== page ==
Lyme first aid: Azithromycin patch on bite could stop it cold

Application of the patch even up to 3 days after a bite eliminated B burgdorferi in this very promising animal trial

A number of dangerous diseases, including Lyme disease, are transmitted by infected ticks. Blood-sucking ticks ingest the agents that cause disease (bacteria of the species Borrelia burgdorferi and its relatives in the case of Lyme disease) during a blood meal, and subsequently transmit them to the next victim they feast on, often a person.

It is estimated that in Western Europe (where the animal & human trials discussed here are being conducted) up to half of all ticks carry the bacteria.

Although the early symptoms of the illness are quite mild, if left untreated, it can result in serious damage to the skin, the joints, the heart and the nervous system, and effective therapy becomes very difficult.

Infection Limited to Skin Around Bite at First

Studies have shown that B burgdorferi tends to remain in the skin around the bite, within an area just a few centimeters in diameter, for 2 days or more, so that it “can even be removed by surgical means.”

A team of researchers led by the veterinary bacteriologist Professor Reinhard Straubinger at Ludwig-Maximilians University in Munich has now shown, in an animal model, that application of a gel containing the antibiotic azithromycin to the site of the bite rapidly terminates the infection.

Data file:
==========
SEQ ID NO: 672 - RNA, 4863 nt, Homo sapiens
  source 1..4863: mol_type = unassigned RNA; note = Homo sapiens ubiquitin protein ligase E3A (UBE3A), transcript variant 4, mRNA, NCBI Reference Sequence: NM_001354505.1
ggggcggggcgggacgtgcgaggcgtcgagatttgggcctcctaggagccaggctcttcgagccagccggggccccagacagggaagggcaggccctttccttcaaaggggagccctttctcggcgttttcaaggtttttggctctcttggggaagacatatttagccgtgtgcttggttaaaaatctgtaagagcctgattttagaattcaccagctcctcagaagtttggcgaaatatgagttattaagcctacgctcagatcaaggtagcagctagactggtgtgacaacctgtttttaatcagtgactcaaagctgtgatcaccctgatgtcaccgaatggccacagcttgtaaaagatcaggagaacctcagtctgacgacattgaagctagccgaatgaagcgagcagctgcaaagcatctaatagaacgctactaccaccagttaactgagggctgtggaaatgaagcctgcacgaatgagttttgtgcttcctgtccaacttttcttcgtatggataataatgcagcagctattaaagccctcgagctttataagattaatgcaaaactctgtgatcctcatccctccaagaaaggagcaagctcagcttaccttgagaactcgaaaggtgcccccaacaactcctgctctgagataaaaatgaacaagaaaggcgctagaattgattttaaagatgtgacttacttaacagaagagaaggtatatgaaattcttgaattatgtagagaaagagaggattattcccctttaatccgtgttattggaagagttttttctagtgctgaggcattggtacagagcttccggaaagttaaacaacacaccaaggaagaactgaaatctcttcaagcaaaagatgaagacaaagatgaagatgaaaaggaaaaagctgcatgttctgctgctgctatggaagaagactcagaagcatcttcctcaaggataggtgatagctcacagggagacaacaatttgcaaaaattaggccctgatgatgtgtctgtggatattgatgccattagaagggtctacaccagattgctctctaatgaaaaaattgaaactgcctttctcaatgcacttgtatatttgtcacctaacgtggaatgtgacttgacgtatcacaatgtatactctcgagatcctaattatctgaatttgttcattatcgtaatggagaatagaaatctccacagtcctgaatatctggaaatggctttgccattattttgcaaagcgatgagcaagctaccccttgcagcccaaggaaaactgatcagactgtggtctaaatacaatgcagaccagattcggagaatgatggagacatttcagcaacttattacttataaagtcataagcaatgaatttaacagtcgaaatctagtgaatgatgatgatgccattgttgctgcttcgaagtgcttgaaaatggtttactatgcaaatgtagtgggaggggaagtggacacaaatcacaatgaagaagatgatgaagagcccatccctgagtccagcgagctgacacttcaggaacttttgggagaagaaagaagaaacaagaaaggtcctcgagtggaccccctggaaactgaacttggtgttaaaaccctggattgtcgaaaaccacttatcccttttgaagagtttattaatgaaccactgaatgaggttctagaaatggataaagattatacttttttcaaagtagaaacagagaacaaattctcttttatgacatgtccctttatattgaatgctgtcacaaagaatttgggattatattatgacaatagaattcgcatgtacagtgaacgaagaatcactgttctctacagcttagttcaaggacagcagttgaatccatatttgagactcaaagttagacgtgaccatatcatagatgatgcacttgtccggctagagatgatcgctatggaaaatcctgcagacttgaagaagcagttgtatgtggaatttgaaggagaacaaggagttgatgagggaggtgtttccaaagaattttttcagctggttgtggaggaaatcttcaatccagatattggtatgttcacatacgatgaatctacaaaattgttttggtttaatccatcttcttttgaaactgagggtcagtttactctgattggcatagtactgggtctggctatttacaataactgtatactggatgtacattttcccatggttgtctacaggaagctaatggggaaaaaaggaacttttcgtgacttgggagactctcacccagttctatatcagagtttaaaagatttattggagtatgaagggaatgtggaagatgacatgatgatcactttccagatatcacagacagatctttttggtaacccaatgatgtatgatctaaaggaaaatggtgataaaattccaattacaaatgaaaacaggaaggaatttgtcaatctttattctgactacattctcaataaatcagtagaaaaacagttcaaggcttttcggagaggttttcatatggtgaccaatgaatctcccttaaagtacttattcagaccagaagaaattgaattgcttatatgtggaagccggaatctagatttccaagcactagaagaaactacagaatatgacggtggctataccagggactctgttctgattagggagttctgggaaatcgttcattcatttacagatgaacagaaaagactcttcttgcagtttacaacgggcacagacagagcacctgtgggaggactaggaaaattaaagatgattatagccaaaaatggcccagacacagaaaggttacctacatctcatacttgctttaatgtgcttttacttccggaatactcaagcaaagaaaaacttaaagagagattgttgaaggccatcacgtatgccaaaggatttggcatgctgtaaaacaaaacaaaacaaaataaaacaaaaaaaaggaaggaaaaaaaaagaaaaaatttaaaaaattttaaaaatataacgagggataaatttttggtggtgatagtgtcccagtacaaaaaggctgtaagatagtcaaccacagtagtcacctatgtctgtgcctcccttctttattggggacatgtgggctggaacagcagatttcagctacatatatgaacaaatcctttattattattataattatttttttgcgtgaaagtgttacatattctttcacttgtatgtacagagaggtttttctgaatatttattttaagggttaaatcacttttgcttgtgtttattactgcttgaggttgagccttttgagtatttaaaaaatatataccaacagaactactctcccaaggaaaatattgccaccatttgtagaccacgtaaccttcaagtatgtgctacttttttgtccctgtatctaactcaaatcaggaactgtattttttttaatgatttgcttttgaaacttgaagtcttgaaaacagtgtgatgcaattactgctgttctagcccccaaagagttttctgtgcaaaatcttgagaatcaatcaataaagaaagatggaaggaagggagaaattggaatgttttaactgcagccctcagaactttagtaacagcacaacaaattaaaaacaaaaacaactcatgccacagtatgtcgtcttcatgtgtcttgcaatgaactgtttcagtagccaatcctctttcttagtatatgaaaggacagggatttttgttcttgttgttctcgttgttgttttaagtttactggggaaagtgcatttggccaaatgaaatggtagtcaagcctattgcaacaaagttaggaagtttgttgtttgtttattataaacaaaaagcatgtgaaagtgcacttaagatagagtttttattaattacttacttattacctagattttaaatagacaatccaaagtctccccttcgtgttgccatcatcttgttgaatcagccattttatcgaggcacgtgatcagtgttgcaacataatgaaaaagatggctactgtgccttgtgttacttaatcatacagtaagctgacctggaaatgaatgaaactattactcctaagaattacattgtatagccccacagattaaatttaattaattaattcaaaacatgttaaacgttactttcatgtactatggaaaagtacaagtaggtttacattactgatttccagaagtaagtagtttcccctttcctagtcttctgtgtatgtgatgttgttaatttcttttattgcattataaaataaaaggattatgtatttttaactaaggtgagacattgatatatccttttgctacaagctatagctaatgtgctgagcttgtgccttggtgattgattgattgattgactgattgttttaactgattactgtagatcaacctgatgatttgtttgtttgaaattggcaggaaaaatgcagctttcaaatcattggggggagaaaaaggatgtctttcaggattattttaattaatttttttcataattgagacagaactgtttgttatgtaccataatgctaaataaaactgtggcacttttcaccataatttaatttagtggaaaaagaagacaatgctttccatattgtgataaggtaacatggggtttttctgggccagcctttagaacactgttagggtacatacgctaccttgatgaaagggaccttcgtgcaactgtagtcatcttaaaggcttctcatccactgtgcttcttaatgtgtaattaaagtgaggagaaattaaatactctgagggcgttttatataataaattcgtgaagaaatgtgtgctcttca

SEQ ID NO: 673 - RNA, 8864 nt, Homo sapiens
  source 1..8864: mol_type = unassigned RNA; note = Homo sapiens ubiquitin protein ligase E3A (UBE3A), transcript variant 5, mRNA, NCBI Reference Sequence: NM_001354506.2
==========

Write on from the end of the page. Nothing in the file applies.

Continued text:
(See the full text of their interesting article here – “Evaluation of the preventive capacities of a topically applied azithromycin formulation against Lyme borreliosis in a murine model,” Journal of Antimicrobial Chemotherapy, Dec 2011)

Why Azithromycin?

They chose azithromycin because it has a lower MIC for B burgdorferi (less is required), fewer adverse effects when compared with doxycycline, shows excellent tissue penetration, remaining much longer where applied, and “doesn’t leak into the circulation when applied locally onto the skin.”

Phase III (Human) Trial Underway

The efficacy of this local antibiotic therapy for the treatment of borreliosis in humans is now being tested in a Phase III clinical trial (by definition a large rigorously controlled trial in humans of a treatment or drug that has been shown to be efficacious with tolerable side effects; in the US generally receives formal FDA approval if the trial is successful).

In the meantime, though, patients must still undergo antibiotic treatment for several weeks and, in many cases, the drug must be administered intravenously – which is distressing not only for children.

Furthermore, treatment measures are often initiated on suspicion, because the bacteria are not detectable in the blood soon after one has been bitten by an infected tick.

“Our approach simply involves applying a transparent, self-adhesive plaster to the site of the wound,” says Straubinger. “Because the plaster contains very little antibiotic, the effects are localized and side-effects are negligible.”

Source: Journal of Antimicrobial Chemotherapy, Ludwig-Maximilians University Munich press release, Sep 15, 2011

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